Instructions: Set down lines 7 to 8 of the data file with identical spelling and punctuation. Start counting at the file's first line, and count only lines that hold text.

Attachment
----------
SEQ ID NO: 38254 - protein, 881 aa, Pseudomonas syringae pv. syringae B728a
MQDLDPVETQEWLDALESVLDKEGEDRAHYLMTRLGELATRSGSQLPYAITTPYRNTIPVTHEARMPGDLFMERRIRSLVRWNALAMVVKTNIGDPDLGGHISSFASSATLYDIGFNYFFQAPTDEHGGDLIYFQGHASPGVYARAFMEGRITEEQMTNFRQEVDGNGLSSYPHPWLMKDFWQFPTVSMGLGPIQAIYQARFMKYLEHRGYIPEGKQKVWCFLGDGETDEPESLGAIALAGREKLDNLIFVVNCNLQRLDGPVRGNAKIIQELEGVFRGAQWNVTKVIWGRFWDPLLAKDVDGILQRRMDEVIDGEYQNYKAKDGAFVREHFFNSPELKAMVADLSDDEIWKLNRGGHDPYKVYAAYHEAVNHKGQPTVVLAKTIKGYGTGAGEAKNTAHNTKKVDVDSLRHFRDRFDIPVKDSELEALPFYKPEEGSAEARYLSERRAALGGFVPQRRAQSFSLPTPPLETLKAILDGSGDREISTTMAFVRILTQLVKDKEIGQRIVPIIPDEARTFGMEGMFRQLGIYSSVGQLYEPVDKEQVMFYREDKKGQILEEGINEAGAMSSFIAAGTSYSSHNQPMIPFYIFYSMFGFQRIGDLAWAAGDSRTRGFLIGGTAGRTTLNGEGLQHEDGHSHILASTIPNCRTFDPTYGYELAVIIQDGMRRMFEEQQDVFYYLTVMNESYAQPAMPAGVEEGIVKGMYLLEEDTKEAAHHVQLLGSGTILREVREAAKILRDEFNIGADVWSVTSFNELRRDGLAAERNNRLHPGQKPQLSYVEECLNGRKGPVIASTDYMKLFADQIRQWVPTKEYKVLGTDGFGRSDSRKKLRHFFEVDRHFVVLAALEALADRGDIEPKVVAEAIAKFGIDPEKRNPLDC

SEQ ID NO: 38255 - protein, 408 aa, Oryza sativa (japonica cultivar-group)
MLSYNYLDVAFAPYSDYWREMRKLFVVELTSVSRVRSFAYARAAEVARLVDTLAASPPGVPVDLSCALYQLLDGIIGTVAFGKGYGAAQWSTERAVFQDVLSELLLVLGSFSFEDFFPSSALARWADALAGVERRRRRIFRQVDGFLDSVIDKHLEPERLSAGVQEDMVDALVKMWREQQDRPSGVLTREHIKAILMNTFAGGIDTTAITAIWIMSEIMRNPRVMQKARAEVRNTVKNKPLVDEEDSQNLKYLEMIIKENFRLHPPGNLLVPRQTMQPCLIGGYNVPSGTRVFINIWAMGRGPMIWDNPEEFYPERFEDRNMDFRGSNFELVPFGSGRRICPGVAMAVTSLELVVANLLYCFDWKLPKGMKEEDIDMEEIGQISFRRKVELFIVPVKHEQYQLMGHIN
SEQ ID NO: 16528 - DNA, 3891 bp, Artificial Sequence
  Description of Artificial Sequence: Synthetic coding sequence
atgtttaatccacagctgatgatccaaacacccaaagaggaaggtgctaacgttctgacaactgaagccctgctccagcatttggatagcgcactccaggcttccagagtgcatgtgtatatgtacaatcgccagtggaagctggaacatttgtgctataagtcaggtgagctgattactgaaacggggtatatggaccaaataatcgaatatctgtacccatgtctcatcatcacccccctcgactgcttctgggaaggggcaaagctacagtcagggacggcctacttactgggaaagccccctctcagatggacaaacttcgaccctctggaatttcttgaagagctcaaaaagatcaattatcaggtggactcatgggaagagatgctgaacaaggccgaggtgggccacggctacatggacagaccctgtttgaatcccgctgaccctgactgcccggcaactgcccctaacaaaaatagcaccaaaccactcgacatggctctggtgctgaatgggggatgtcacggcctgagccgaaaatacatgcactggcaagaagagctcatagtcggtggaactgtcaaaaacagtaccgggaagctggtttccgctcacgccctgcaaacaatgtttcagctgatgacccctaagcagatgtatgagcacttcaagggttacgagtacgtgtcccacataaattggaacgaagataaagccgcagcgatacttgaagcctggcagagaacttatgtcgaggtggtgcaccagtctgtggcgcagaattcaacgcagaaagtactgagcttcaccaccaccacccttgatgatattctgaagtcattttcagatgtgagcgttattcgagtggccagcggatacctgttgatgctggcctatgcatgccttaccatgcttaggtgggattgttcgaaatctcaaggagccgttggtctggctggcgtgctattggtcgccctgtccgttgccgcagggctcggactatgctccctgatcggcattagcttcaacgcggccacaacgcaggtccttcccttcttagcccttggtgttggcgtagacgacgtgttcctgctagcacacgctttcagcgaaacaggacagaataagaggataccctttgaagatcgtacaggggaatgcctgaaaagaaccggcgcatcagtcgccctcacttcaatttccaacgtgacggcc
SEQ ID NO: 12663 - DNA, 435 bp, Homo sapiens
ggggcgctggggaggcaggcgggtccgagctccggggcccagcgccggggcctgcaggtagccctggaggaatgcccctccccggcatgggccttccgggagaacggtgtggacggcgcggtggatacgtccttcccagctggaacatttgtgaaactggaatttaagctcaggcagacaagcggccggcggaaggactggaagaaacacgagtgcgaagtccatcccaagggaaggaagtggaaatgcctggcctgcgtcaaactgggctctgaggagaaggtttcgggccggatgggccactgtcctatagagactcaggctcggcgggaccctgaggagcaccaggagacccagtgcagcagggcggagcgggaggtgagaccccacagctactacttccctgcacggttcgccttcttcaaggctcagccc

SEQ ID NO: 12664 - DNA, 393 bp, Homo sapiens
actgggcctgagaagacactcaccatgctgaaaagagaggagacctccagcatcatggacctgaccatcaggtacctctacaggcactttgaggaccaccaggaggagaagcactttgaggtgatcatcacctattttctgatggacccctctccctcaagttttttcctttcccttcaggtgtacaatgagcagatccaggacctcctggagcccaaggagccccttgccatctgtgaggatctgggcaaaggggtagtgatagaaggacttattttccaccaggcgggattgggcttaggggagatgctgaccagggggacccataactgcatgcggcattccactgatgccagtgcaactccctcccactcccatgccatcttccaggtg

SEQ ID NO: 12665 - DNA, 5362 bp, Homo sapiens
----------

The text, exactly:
atgtttaatccacagctgatgatccaaacacccaaagaggaaggtgctaacgttctgacaactgaagccctgctccagcatttggatagcgcactccaggcttccagagtgcatgtgtatatgtacaatcgccagtggaagctggaacatttgtgctataagtcaggtgagctgattactgaaacggggtatatggaccaaataatcgaatatctgtacccatgtctcatcatcacccccctcgactgcttctgggaaggggcaaagctacagtcagggacggcctacttactgggaaagccccctctcagatggacaaacttcgaccctctggaatttcttgaagagctcaaaaagatcaattatcaggtggactcatgggaagagatgctgaacaaggccgaggtgggccacggctacatggacagaccctgtttgaatcccgctgaccctgactgcccggcaactgcccctaacaaaaatagcaccaaaccactcgacatggctctggtgctgaatgggggatgtcacggcctgagccgaaaatacatgcactggcaagaagagctcatagtcggtggaactgtcaaaaacagtaccgggaagctggtttccgctcacgccctgcaaacaatgtttcagctgatgacccctaagcagatgtatgagcacttcaagggttacgagtacgtgtcccacataaattggaacgaagataaagccgcagcgatacttgaagcctggcagagaacttatgtcgaggtggtgcaccagtctgtggcgcagaattcaacgcagaaagtactgagcttcaccaccaccacccttgatgatattctgaagtcattttcagatgtgagcgttattcgagtggccagcggatacctgttgatgctggcctatgcatgccttaccatgcttaggtgggattgttcgaaatctcaaggagccgttggtctggctggcgtgctattggtcgccctgtccgttgccgcagggctcggactatgctccctgatcggcattagcttcaacgcggccacaacgcaggtccttcccttcttagcccttggtgttggcgtagacgacgtgttcctgctagcacacgctttcagcgaaacaggacagaataagaggataccctttgaagatcgtacaggggaatgcctgaaaagaaccggcgcatcagtcgccctcacttcaatttccaacgtgacggcc
SEQ ID NO: 12663 - DNA, 435 bp, Homo sapiens